I like that statement very much (although I still feel that architecture is the prime enabler of plasticity) because I think that EA is too much preoccupied with the structure alone. Probably because it is looking too much at the way how buildings are designed or to urban design/planning. But enterprises, corporations, business or whatever name is appropriate are becoming more and more like living organisms which must react very quick to changing circumstances to be able to survive. And the way EA is done now is not able to cope with such fast changing situations. So I agree (because I think that is what you are saying) that the architecture process must become more agile but it also must deliver structures that are able to handle (or survive under) fast changing circumstances.

    And I’m looking forward to future posts on this subject :-)

  4. Thanks Peter,

    Factory can be that but is not necessarily. In fact I am doubting if I should not use another term to avoid the confusion. I will need to think this over again and elaborate.

    Personally I find the metaphors of the brain or the organism in relation to the enterprise flawed. I am a supporter of Russell Ackoff’s system types definition that categorizes an organism as an animate system while an enterprise is a social system which is different. An introduction to that classification can be found in On the Mismatch between Systems and their Models.

    • Kris,

      Thanks for the link to Russel Ackoff’s piece which I shall read carefully :-) (and I’m amazed that I didn’t heard of it until now)

      I think all metaphors are flawed by definition :-)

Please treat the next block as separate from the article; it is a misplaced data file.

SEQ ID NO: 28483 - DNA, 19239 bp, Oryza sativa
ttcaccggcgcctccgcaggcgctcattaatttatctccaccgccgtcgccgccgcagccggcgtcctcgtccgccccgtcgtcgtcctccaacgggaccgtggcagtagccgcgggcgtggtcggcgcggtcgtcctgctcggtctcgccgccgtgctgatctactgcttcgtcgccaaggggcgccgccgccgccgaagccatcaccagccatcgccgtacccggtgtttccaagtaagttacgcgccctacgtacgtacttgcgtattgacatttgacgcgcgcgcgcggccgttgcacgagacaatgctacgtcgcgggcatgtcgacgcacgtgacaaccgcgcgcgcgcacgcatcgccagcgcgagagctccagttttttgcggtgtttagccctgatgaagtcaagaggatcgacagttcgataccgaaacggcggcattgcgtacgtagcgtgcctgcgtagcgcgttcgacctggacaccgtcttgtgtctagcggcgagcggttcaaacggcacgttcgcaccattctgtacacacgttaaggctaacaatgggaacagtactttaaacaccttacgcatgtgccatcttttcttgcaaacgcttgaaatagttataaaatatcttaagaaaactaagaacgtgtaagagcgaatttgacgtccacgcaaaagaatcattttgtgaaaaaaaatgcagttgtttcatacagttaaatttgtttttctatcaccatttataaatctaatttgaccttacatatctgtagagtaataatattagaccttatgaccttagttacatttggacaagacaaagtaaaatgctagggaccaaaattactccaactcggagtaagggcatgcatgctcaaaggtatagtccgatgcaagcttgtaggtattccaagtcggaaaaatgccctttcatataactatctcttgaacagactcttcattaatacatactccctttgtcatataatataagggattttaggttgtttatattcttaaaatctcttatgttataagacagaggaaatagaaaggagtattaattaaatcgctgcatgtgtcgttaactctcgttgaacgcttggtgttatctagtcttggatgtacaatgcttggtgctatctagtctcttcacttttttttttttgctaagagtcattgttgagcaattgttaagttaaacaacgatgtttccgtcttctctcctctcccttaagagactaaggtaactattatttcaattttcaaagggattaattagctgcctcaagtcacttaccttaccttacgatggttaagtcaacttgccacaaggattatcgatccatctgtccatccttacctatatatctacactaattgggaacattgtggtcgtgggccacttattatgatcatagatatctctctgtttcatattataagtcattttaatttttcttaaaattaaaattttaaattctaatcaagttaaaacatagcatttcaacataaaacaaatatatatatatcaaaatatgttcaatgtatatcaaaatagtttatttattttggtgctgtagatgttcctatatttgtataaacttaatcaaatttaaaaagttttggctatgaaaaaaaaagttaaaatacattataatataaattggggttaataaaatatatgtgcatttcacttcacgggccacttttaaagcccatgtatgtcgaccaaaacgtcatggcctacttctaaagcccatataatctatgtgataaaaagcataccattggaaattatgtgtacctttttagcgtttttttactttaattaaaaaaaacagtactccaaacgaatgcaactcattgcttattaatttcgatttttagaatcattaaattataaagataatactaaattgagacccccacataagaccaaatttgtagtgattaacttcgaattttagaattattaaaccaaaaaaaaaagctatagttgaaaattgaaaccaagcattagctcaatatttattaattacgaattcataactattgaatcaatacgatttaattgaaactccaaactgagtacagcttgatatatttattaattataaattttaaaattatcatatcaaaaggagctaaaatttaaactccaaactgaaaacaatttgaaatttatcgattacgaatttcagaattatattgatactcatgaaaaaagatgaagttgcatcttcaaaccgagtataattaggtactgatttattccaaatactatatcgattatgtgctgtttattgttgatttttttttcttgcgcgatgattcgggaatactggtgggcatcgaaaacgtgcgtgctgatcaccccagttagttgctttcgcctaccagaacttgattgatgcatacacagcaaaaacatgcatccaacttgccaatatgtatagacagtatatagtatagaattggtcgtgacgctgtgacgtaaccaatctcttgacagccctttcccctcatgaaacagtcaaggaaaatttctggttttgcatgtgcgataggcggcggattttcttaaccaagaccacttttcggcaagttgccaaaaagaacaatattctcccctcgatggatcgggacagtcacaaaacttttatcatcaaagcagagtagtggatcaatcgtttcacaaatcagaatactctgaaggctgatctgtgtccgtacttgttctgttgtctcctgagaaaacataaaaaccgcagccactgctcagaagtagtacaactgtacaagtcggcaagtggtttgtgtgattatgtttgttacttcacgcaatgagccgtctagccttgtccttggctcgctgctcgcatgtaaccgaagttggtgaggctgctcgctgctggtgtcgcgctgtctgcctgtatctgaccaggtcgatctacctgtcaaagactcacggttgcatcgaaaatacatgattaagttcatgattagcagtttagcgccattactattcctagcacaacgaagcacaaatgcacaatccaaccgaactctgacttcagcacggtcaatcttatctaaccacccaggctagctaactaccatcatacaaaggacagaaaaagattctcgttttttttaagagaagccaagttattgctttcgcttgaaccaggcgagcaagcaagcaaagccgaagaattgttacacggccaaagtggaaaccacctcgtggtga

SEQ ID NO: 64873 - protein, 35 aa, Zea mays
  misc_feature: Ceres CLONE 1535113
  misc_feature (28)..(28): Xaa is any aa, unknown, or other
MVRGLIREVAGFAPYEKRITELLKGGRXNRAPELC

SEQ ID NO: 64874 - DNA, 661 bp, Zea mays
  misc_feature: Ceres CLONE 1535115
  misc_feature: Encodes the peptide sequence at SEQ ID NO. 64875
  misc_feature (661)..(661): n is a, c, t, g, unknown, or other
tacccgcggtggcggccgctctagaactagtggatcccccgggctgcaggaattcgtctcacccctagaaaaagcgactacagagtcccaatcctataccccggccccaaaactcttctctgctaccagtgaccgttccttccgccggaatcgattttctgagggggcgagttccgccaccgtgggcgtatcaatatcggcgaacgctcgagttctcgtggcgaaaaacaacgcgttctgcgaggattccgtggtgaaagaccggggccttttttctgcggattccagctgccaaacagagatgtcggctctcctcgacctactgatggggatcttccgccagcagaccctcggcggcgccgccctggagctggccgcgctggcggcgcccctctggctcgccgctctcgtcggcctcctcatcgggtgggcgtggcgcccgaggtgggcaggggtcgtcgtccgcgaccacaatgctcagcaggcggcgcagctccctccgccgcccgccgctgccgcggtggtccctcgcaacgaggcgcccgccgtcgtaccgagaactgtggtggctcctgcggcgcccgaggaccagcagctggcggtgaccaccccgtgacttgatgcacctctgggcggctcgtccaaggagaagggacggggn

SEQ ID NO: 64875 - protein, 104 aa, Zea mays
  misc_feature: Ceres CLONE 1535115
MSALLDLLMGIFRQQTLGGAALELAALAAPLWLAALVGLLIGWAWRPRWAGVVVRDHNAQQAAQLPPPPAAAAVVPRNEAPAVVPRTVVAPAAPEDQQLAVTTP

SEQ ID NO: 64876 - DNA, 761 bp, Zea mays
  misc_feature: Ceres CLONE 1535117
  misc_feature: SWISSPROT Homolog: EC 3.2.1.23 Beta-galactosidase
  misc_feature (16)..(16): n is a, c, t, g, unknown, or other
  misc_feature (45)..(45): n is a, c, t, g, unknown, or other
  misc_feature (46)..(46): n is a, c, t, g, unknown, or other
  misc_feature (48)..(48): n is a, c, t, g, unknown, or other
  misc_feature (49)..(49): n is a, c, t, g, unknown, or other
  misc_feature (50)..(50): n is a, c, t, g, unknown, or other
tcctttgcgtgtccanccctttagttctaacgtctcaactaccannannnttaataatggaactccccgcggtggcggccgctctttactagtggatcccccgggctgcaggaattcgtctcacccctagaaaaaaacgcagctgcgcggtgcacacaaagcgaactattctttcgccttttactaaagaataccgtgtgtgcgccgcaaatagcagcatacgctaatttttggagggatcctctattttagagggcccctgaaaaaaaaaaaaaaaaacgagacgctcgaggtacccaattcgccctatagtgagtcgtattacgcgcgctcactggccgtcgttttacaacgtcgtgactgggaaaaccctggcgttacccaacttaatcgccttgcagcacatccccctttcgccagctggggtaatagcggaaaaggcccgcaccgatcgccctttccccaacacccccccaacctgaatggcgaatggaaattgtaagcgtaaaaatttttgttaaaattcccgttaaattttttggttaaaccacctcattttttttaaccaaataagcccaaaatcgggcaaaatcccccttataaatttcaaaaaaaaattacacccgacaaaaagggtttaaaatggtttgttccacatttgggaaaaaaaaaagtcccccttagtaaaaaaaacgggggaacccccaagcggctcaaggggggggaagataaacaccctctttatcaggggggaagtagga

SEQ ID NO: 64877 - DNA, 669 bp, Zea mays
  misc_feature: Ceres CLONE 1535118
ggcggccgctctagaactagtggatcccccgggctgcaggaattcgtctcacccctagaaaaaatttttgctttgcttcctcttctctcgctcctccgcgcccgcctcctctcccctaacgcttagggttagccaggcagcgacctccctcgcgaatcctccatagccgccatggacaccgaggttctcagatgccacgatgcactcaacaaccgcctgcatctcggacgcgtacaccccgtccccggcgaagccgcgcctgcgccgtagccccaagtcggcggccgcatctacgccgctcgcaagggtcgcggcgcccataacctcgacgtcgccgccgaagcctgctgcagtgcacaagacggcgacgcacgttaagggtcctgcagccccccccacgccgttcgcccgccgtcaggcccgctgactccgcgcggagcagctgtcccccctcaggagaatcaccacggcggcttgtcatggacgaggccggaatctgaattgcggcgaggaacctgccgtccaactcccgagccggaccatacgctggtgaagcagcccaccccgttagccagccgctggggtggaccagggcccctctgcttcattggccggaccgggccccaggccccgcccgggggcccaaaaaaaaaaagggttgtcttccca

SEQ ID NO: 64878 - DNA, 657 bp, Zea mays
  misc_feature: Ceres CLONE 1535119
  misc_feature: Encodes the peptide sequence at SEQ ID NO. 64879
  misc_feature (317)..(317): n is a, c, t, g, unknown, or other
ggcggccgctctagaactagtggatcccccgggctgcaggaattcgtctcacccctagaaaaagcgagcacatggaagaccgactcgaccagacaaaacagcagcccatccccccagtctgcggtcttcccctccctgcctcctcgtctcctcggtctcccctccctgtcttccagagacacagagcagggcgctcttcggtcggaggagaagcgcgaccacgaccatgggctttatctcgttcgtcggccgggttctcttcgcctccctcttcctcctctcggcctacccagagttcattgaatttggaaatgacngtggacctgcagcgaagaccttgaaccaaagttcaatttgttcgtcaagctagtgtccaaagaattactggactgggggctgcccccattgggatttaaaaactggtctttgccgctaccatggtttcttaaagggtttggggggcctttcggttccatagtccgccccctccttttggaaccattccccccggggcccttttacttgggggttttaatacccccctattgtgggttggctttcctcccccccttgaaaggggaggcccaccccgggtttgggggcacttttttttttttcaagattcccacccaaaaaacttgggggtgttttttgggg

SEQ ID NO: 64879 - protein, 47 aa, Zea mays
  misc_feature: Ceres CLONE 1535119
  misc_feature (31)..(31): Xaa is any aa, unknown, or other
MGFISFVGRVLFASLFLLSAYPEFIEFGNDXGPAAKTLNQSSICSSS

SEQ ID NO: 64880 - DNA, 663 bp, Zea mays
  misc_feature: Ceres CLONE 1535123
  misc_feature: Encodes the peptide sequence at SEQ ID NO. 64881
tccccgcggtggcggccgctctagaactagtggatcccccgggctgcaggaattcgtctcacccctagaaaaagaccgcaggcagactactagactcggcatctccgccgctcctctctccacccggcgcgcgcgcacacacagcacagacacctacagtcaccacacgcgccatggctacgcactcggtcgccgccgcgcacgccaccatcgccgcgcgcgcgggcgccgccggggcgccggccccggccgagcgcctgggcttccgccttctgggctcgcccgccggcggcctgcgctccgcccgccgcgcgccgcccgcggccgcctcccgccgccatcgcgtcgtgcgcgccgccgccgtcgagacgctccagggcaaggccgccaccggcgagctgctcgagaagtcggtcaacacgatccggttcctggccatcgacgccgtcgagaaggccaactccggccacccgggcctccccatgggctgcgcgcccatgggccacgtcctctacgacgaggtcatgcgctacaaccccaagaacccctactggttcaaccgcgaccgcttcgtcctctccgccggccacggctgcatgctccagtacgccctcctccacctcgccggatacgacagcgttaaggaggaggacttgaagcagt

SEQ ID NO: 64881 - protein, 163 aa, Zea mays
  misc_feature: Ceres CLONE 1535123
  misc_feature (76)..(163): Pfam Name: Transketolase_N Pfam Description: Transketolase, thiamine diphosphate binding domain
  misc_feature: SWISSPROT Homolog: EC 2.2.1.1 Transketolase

But I feel comfortable with the metaphor of the nervous system for several reasons but mostly because I consider myself more of a modeler/model builder or map maker/cartographer than an architect. And the nervous system is the most advanced model/map making system there is
      So for me it is the best metaphor I can think of (until this moment?) to tell my story, which is more about modeling an enterprise or making an enterprise legible than designing an enterprise :-)

    • Kris,

      When I was searching for the relation between storytelling and the brain I found this paper called “Social Organization as Applied Neurobiology: The Value of Stories and Story Sharing” which contains this quote:

      “What is particularly germane in the present context is that “leaderless” organization, reflecting distributed interactive architectures, seems to be very much the norm rather than the exception in biological systems generally, at all levels of organization from the social to the molecular.”

      If you read the paper (and agree with it) then you will see that the metaphor is not flawed at all :-)

      • Hi Peter,